Effects of a chayotte (Sechium edule) extract (macerated) on the biochemistry of blood of Wistar rats and on the action against the stannous chloride effect.
ABSTRACT The use of natural products as medicines has been growing in the entire world. There are concerns that these products may contain potentially toxic ingredients and contaminants such as heavy metals. The labeling of blood constituents with technetium-99m has been influenced by the presence of natural extracts. We evaluated the influence of a chayotte (Sechium edule) extract (100% v/v macerated) on the labeling of blood elements with 99mTc. The animals were treated with the extract during 15 days. Samples of blood were carried out with specific blood biochemistry kits. The present study analyzed the influence ofchayotte in the survival of the strain of Escherichia coli AB1157 submitted to reactive oxygen species induced by stannous chloride. There was a reduction of the lethal effect induced by stannous chloride on the survival of the E. coli culture in the presence of chayotte. The results indicated a decrease in the level of glucose and globulin The effect of the extract could be explained by its metabolic transformation inducing the generation of oxidant metabolites. The culture of bacteria when was treated with stannous chloride and chayotte simultaneously, the extract could be reacting with stannous chloride ions, protecting them against the oxidation avoiding the generation of reactive oxygen species.
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ABSTRACT: TiO2 nanoparticle films were prepared by plasma-enhanced chemical vapor deposition, and subsequently, their surfaces were treated by TiCl4 and O2 plasmas, respectively. Experiments of phenol photodegradation show that the TiO2 film treated by O2 plasma presents much higher photocatalytic activity than that treated by TiCl4 plasma. X-ray photoelectron spectral analyses indicate that more active species, such as O2−, are formed on surface of the film treated by O2 plasma than that treated by TiCl4 plasma. The energy levels of the surface species and the photogenerated electronic transitions via these surface species are further investigated by surface photovoltage spectra (SPS) and electric field-induced surface photovoltage spectra (EFISPS).Colloids and Surfaces A Physicochemical and Engineering Aspects 07/2005; 262(1):181-186. · 2.35 Impact Factor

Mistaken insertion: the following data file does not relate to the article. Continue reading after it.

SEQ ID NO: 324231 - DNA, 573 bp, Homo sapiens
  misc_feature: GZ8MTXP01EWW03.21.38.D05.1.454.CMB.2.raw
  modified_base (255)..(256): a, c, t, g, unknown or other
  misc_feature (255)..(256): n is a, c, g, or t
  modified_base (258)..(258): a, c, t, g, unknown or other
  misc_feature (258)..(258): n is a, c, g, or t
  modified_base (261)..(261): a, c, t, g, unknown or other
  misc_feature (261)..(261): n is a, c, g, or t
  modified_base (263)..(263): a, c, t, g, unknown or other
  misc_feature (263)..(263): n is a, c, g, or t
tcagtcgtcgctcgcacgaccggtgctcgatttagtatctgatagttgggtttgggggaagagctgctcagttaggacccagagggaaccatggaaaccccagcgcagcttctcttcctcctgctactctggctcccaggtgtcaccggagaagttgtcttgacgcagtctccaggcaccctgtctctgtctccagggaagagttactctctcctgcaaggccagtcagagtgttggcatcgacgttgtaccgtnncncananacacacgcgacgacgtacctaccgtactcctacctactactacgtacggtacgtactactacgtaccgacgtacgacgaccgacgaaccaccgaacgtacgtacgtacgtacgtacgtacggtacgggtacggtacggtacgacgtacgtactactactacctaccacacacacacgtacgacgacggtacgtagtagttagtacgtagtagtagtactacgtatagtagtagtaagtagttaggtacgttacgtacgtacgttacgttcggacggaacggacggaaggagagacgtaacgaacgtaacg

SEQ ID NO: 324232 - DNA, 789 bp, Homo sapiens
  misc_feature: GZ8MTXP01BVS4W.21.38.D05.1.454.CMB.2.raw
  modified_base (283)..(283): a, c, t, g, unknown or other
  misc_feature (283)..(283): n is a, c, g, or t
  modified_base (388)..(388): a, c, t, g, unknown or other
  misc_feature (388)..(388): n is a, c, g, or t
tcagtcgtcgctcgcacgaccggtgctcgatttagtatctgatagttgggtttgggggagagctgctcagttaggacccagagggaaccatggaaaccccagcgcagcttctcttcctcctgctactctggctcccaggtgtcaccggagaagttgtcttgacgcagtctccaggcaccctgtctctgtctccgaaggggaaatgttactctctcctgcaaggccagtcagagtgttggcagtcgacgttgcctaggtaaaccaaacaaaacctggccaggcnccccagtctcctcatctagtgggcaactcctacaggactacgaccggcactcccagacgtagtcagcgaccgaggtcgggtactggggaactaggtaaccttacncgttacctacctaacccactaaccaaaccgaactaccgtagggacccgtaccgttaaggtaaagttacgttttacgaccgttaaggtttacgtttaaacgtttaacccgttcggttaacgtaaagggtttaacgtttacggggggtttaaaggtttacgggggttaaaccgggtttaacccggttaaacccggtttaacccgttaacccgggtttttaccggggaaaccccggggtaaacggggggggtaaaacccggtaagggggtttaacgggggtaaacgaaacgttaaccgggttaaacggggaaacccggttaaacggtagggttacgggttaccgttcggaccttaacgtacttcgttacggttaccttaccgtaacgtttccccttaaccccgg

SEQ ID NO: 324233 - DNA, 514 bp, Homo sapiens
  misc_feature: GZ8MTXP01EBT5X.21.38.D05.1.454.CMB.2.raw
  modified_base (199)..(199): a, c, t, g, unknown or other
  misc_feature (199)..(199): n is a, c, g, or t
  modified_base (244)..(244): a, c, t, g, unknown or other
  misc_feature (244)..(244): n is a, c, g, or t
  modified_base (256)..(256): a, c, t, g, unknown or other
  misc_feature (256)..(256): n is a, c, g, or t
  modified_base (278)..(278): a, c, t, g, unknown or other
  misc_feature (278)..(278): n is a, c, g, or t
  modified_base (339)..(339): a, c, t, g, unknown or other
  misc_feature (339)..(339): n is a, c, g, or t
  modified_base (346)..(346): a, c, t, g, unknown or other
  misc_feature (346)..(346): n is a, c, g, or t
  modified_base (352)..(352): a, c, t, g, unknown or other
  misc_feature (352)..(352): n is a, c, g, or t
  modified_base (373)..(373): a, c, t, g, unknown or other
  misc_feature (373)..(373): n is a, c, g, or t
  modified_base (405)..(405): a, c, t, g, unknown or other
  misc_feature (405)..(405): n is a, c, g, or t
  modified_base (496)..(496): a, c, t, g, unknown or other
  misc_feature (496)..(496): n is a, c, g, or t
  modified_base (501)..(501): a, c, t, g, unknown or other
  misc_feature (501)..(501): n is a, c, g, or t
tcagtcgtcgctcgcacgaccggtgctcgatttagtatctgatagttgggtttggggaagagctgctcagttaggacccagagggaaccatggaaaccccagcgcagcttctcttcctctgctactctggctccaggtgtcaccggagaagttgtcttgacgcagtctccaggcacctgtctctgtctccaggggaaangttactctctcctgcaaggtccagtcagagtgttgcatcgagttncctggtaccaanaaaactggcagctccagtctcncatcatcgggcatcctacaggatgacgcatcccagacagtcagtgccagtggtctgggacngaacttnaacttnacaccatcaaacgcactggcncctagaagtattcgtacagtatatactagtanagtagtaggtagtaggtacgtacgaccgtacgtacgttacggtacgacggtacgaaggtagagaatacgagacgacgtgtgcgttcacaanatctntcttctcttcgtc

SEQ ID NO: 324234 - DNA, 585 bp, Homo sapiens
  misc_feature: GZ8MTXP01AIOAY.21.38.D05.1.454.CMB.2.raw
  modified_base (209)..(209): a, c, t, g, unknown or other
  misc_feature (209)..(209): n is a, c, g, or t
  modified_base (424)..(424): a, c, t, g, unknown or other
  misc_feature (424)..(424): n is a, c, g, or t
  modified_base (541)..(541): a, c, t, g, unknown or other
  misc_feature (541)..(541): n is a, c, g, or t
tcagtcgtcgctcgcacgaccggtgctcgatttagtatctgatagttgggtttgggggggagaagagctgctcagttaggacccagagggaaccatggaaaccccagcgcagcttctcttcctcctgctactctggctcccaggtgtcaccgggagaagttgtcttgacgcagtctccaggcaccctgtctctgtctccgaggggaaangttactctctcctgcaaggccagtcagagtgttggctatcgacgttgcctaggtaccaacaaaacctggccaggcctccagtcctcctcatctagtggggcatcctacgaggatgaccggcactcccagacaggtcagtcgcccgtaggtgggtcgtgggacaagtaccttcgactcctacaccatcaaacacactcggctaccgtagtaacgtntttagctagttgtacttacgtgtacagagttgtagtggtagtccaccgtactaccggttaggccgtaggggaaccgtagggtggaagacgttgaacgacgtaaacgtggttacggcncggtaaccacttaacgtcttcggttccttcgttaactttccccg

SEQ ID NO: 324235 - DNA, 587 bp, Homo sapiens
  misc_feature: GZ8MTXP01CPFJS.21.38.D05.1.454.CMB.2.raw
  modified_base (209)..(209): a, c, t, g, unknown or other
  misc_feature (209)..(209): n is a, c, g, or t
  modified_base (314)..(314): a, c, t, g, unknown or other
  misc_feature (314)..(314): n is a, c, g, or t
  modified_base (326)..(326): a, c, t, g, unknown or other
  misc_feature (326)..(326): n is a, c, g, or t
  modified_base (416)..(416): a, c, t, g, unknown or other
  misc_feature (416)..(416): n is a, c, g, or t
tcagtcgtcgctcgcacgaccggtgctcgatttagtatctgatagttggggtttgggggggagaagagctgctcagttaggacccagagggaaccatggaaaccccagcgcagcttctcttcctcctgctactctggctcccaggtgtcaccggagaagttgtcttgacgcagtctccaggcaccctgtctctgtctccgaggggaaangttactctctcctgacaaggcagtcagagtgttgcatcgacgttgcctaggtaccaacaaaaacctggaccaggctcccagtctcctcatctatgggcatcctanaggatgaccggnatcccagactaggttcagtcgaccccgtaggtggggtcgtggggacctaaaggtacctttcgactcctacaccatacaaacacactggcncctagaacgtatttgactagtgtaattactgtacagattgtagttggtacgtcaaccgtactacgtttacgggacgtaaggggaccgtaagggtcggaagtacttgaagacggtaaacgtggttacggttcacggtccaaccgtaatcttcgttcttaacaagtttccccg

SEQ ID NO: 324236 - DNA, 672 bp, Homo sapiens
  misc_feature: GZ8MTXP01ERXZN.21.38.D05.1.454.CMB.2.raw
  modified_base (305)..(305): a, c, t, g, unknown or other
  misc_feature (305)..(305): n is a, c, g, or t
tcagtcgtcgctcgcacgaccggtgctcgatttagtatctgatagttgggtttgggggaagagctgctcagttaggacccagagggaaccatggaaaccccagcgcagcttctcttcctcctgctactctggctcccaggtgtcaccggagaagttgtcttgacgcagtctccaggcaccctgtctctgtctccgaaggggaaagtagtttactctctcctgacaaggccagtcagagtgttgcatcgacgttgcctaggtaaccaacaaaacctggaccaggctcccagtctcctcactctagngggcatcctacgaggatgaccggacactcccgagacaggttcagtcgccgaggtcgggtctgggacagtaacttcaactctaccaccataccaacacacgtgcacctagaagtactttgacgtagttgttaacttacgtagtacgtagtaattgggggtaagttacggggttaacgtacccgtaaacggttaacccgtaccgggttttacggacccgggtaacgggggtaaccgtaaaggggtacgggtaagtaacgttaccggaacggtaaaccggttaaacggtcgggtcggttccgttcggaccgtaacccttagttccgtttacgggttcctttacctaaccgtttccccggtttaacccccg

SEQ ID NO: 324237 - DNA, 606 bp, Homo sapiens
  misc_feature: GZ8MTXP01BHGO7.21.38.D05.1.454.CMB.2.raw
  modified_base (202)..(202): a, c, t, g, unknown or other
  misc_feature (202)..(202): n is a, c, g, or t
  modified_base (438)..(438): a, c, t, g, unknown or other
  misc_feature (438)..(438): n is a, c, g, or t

- Chemical Reviews 05/1995; 95(3):735-758. · 45.66 Impact Factor
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ABSTRACT: Nanosized Zr-doped TiO2 photocatalysts were prepared using the homogenous co-precipitation method from aqueous solutions containing TiOSO4 and ZrCl4 by urea as a precipitation agent, with subsequently annealing at various temperatures of 400–1100°C. Structural changes of the photocatalysts upon heating were studied by X-ray powder diffraction. Anatase-to-rutile phase transformation is shifted to higher temperatures in comparison with undoped TiO2. Spherical clusters morphology was revealed by scanning electron microscopy. Energy dispersive X-ray spectrometry confirmed a Zr content of 0.8mol% in all samples. The band-gap energies were determined from diffuse reflectance UV–vis spectra. The spectral thresholds are shifted toward visible region, except for the unheated catalyst. X-ray photoelectron spectroscopy measurements revealed that the binding energy of Ti 2p3/2 electrons is not influenced by Zr doping. On the contrary, the binding energy of Zr 3d5/2 electrons is lower than that of Zr ions in ZrO2. Photocatalytic degradation of 4-chlorophenol was employed to test photoactivity of the catalyst. The photocatalyst annealed at 900°C has a 1.5 times higher degradation rate than the standard TiO2 P25 (Degussa).Applied Catalysis B Environmental 06/2007; 74(1):83-91. · 6.01 Impact Factor